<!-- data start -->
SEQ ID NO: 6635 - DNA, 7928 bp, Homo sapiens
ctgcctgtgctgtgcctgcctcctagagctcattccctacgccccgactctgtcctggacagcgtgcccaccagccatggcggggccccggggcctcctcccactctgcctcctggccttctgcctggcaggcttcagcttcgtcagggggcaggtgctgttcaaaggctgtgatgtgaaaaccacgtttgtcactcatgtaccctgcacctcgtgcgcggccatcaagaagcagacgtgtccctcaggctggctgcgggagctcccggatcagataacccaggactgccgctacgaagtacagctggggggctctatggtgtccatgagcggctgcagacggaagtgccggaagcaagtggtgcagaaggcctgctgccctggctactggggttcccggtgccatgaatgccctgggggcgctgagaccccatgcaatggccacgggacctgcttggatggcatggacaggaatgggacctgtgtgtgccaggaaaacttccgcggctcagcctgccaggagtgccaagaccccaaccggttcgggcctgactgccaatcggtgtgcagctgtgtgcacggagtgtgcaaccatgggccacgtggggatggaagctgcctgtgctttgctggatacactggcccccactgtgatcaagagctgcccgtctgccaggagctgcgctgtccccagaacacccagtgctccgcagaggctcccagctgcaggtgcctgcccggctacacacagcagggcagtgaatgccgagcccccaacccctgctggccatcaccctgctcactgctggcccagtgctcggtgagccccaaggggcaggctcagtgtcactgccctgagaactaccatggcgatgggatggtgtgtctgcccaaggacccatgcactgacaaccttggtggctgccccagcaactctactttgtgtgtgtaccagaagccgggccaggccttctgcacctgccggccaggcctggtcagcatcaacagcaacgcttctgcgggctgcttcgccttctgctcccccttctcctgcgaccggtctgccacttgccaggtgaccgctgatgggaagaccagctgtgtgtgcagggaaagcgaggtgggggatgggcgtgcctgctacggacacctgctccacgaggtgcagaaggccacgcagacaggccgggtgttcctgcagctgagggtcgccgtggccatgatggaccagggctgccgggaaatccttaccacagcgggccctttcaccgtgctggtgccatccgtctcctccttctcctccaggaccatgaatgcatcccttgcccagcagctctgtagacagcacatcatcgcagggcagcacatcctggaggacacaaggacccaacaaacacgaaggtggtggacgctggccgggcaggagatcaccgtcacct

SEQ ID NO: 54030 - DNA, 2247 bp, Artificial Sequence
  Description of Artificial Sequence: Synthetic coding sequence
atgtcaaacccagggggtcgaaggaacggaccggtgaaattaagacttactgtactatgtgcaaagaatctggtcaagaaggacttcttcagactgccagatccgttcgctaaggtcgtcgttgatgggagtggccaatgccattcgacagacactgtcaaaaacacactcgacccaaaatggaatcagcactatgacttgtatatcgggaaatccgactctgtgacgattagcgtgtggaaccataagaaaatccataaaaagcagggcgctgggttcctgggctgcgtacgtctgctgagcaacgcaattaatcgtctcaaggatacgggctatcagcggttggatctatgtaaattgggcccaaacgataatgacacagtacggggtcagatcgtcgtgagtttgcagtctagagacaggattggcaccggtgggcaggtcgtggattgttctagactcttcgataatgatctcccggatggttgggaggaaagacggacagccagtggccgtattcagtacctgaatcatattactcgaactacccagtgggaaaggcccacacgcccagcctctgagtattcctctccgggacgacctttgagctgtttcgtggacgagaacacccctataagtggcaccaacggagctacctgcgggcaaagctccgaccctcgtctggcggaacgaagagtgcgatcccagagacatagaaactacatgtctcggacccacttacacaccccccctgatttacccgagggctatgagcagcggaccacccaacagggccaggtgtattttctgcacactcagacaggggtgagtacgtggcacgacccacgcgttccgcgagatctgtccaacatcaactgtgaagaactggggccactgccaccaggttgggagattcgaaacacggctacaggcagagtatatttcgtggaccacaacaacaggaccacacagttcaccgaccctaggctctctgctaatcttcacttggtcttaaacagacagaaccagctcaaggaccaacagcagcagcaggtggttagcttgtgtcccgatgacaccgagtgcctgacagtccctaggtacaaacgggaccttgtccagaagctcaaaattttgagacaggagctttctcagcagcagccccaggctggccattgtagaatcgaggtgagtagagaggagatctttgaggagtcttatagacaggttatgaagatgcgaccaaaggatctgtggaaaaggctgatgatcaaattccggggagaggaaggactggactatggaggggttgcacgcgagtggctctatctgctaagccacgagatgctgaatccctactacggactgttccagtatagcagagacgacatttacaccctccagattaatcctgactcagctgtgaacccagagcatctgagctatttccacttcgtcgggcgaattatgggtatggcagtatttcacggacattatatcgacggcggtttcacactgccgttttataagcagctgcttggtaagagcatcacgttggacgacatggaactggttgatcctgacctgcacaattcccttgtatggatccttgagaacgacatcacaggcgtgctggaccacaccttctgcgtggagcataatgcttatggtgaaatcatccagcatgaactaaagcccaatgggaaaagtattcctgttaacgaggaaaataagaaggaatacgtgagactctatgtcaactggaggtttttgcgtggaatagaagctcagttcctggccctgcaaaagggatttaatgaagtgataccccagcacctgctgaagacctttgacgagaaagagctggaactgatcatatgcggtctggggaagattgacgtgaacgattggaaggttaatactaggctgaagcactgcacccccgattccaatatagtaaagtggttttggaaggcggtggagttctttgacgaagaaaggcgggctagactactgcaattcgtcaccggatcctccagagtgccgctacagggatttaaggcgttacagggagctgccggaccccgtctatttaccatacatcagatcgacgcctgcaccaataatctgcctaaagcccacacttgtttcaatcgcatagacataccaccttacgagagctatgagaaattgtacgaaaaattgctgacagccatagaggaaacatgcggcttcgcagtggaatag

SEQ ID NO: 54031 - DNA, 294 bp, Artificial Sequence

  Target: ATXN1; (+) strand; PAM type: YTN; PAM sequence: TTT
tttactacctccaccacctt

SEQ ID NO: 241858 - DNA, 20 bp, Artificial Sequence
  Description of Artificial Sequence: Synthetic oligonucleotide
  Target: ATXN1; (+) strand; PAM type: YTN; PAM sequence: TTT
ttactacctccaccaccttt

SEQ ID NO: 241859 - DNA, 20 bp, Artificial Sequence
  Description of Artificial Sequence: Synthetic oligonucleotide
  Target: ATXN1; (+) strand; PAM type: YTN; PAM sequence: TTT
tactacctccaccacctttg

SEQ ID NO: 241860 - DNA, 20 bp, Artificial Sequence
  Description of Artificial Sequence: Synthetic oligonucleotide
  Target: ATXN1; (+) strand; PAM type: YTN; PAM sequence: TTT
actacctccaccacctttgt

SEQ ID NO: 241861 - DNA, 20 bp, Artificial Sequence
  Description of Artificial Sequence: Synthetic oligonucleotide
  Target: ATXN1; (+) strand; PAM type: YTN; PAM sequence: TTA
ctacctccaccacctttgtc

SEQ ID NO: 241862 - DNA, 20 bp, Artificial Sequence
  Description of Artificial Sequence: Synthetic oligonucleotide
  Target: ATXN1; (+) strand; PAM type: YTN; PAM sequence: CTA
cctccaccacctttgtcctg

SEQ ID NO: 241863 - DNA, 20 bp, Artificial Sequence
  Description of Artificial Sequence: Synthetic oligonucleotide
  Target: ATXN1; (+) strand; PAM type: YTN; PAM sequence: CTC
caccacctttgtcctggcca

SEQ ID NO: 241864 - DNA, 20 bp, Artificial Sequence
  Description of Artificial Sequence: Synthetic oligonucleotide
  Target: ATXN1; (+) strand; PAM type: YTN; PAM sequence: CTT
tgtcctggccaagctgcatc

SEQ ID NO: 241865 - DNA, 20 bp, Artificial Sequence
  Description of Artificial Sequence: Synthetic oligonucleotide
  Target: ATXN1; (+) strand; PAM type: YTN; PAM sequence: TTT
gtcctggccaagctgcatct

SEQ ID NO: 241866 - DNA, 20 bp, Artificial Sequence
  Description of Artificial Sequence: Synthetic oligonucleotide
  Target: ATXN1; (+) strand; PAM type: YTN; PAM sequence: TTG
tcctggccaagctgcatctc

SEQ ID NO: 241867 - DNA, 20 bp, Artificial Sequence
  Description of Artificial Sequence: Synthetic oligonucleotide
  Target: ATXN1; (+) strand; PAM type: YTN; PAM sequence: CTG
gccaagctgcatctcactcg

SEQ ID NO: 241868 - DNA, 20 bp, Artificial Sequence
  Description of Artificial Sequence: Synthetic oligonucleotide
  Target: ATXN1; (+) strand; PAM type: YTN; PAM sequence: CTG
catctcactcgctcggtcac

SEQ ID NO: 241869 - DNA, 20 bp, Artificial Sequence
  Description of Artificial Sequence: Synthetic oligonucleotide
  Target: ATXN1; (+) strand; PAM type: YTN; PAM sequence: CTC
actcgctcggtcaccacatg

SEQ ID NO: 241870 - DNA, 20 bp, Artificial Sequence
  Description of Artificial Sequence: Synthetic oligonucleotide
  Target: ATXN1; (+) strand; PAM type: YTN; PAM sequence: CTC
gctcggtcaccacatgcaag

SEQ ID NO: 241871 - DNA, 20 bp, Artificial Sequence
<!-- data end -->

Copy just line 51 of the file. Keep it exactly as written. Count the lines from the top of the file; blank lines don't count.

  Target: ATXN1; (+) strand; PAM type: YTN; PAM sequence: CTG